3. Reality TV and neoliberal governmentality

Reality television and the remaking of the public sphere (Sonia Livingston and Peter Lunt). First person media, confession, and surveillance (Mark Andrejevic, Nick Couldry, Jon Dovey). Neoliberal governmentality and makeover shows (Michel Foucault, Nikolas Rose). Reality TV and the ethics of play (Miguel Sicart, Annette Hill).

 

Seminar 2. Contemporary labour imaginaries

Reading:

Ouellette, Laurie. 2013. "America's Next Top Model: Neoliberal Labor." A: Thompson, E.; Mittell, J. How to watch television (pp. 168-176). New York: New York University Press

Duffy, Brooke Erin, & Wissinger, Elisabeth. 2017. Mythologies of creative work in the social media age: Fun, free, and “just being me.” International Journal of Communication, 11, 4652–4671

 

4. Gender and popular media

Cultural studies and feminism. Soap operas and romantic novels: Ien Ang, Charlotte Brunsdon, Tania Modleski, Janice Radway, Joke Hermes. Postfeminism and television series: from Sex and the city to Girls (Angela McRobbie, Rosalind Gill, Diane Negra). Queer studies and Gaga feminism (Butler, Halberstam). Popular feminisims. Gender inequality and cultural work.

 

Seminar 3: Pop Feminism

Reading:

Gill, Rosalind. 2016. Post-postfeminism?: new feminist visibilities in postfeminist times. Feminist Media Studies, 16(4), 610–630.

 

5. Fandom and participatory culture

Fandom, poaching and the remaking of culture hierarchies (Henry Jenkins). Affirmative vs transformative practices (wikis, fanfics, fanvids, cosplay, Henry Jenkins, Camille Bacon-Smith, Francesca Coppa). Fandom and gender: slash and queer baiting. Fans, texts, and authors: canon/fanon (Jason Mittell). The mainstreaming of fandom and the third wave of fan studies. Fans and anti-fans (Jonathan Gray).

 

Seminar 4: What is an author?

Reading:  

Busse, Kristina. 2013. “The Return of the Author: Ethos and Identity Politics.” In A Companion to Media Authorship., edited by J. Gray and D. Johnson, 48–68. Malden (MA): Wiley Blackwell.

Teaching Methods

The course will consist of 10 in-person sessions:

  • Lessons (weeks 1, 2, 4, 7 and 9), which include presentations by the professor of the key theoretical concepts of each lesson, as well as videos, short readings, and in-class discussions.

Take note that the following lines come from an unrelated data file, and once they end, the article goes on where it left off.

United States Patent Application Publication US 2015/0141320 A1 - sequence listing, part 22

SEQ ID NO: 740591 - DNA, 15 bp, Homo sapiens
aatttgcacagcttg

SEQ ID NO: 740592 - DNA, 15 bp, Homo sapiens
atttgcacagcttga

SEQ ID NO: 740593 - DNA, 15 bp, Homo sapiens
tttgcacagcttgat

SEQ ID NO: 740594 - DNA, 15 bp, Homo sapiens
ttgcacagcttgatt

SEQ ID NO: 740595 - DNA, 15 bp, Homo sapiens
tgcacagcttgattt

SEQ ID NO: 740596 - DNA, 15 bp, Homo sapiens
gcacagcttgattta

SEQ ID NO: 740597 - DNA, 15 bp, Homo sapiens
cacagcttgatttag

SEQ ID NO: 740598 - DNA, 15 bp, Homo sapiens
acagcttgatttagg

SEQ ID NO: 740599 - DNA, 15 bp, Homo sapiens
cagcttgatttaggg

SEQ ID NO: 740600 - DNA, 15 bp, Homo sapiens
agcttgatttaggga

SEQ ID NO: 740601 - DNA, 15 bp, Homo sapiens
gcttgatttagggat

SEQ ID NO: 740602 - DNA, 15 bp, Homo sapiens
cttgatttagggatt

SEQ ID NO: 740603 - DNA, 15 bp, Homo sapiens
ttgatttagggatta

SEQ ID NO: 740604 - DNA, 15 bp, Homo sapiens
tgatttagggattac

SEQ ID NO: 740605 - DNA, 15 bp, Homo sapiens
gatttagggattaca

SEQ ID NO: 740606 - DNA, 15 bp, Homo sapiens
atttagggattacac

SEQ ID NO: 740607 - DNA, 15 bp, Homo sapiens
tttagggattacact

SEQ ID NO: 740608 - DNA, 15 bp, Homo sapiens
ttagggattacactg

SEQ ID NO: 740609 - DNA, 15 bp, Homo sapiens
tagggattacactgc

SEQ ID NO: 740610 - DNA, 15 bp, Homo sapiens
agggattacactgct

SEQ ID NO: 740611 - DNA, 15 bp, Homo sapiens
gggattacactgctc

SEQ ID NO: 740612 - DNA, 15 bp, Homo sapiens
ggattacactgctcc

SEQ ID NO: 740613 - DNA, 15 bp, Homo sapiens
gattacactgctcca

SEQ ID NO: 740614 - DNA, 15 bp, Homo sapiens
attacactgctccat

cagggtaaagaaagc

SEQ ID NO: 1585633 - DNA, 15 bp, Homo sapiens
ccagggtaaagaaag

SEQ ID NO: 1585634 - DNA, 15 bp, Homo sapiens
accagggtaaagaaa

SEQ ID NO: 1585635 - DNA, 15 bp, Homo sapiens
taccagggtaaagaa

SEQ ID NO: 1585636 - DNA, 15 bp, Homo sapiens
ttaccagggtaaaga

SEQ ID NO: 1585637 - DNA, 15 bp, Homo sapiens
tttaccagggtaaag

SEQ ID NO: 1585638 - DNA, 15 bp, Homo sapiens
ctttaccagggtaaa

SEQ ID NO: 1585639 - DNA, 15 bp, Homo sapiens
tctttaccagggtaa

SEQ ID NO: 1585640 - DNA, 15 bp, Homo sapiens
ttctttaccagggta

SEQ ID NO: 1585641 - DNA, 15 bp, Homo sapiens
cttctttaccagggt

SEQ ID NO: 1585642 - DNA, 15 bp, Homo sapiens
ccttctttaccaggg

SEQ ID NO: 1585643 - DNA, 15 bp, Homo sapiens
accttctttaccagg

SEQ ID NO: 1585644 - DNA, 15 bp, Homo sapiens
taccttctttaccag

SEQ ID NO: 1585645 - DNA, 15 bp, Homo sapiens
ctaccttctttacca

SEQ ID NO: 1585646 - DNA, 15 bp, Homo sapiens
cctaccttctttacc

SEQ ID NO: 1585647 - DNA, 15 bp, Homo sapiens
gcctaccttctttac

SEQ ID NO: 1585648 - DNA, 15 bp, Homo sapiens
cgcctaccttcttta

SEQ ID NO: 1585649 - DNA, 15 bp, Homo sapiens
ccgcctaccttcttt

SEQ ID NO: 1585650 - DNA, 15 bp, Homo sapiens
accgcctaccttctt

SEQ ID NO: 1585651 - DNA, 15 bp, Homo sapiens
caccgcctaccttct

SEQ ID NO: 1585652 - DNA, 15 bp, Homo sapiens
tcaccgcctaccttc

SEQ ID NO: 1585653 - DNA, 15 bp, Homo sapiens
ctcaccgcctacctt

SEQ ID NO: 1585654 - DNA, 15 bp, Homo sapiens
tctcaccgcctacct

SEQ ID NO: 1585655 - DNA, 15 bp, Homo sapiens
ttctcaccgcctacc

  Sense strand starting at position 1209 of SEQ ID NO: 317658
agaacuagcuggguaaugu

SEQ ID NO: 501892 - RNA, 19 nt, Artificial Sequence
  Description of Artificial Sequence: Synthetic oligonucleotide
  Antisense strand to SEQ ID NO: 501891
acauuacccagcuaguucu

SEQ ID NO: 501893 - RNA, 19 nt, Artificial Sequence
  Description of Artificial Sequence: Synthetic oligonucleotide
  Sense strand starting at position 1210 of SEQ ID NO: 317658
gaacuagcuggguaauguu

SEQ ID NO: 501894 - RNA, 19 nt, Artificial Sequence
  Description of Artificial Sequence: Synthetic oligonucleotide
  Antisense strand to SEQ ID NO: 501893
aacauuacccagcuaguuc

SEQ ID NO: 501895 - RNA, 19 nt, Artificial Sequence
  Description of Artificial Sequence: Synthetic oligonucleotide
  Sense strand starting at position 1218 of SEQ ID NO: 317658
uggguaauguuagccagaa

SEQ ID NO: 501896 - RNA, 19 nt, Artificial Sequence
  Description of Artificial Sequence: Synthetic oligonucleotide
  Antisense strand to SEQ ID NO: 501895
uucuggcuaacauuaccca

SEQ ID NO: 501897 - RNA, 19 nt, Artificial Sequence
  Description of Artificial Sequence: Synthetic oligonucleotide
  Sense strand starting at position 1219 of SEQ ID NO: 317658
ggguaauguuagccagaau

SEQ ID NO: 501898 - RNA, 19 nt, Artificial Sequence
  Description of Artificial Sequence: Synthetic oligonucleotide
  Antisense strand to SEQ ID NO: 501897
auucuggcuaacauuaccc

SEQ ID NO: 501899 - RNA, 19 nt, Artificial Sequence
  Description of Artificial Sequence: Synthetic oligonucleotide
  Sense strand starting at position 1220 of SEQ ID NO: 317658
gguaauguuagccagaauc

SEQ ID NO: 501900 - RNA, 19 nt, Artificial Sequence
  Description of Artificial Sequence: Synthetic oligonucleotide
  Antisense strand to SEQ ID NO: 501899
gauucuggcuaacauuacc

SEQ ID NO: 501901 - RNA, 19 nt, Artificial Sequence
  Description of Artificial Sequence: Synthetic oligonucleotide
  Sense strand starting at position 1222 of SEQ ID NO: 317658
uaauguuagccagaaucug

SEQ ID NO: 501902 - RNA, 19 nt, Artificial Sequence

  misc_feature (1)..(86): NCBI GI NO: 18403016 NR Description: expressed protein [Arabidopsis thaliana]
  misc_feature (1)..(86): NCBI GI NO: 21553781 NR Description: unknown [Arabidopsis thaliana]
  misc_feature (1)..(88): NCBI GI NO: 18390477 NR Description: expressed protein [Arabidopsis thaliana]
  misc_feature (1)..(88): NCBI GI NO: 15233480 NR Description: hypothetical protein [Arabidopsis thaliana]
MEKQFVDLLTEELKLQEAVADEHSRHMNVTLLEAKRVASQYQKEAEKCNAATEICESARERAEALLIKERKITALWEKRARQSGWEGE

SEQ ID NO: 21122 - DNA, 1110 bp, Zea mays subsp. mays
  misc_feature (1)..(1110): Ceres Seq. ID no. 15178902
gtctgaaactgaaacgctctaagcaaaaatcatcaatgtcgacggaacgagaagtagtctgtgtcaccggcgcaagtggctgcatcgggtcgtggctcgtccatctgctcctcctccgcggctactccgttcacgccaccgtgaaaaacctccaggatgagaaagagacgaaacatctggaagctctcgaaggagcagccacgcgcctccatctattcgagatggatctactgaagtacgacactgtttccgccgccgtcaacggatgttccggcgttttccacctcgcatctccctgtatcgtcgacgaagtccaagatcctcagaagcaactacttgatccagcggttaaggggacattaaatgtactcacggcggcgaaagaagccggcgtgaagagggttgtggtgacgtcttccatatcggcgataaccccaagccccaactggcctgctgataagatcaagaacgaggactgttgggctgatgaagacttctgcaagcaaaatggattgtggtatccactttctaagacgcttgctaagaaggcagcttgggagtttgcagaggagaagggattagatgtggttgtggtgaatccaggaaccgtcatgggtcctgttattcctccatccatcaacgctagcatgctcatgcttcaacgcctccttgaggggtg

• 4 Seminars (weeks 3, 5, 8 and 10): Each seminar is linked to the writing of a short essay based on a mandatory reading. During the seminars, students will discuss the readings and their essays.

In addition, there will be also virtual tutoring sessions to prepare and discuss the course final essay (these tutoring sessions will be caried out outside class hours)

Evaluation

Participation in discussions and class assignments: Students must write 4 short essays based on mandatory readings and discuss them in class. Thorough the course, students are expected to actively engage in debates and in-class discussions.

Course Essay: Students must write a 2,500-word essay on a subject related to the contents of the course. They must discuss the preparation of the paper with the instructor in tutoring sessions.

 

Assessment systems

Weighting

Course essay

60%

Participation in the seminars and class discussions 

20%

Completion of class assignments

20%

TOTAL

100

 

Attendance: Students must attend 80% of the online sessions (i.e. proper justification will be required for more than 2 missed sessions).



Bibliography and information resources

Allen, Robert C. (ed.). 1992. Channels of discourse, reassembled. London: Routledge.

Ang, Ien. 1991. Watching Dallas. Soap Opera and the melodramatic imagination. London: Routledge

Biressi, Anita; and Nunn, Heather. 2005. Reality TV. Realism and revelation. London: Wallflower

Fiske, John. 1992. Understanding Popular Culture. London: Routledge. 

Gill, Rosalind. 2007. Postfeminist media culture: Elements of a sensibility. European Journal of Cultural Studies, 10(2), 147–166. https://doi.org/10.1177/1367549407075898.

Gray, Jonathan. 2010. Show sold separately: Promos, spoilers, and other media paratexts. New York: NYU Press.

Hebdige, Dick. 1979. Subculture. The meaning of style. London: Routledge.

Holmes, Su, and Jermyn, Deborah (eds.). 2004. Understanding reality television. London: Routledge

Jenkins, Henry. 1992. Textual poachers: Television fans & participatory culture. London: Routledge.

Lawler, Steph. 2008. Identity. Sociological perspectives. Cambridge: Polity.

McRobbie, Angela. 2016. Be creative. Making a living in the new culture industries. Cambridge: Polity

Marshall, P. David. 1997. Celebrity and power. Fame in contemporary culture. Minneapolis: University of Minnesota Press.

Ouellette, Laurie, and Hay, James. 2008. Better living through reality TV. Malden (MA): Blackwell publishing.

Skeggs, Beverly. 2004. Class, self, culture. London: Routledge.

Skeggs, Beverly, and Woods, Helen. 2013. Reacting to Reality TV: Performance, Audience and Value. London: Routledge.

Tasker, Yvonne, and Negra, Diane. 2007. Interrogating Postfeminsim: Gender and the Politics of Popular Culture. Duke University Press.

Tyler, Imogen. 2013. Revolting subjects. Social Abjection and Resistance in Neoliberal Britain. London: ZED Books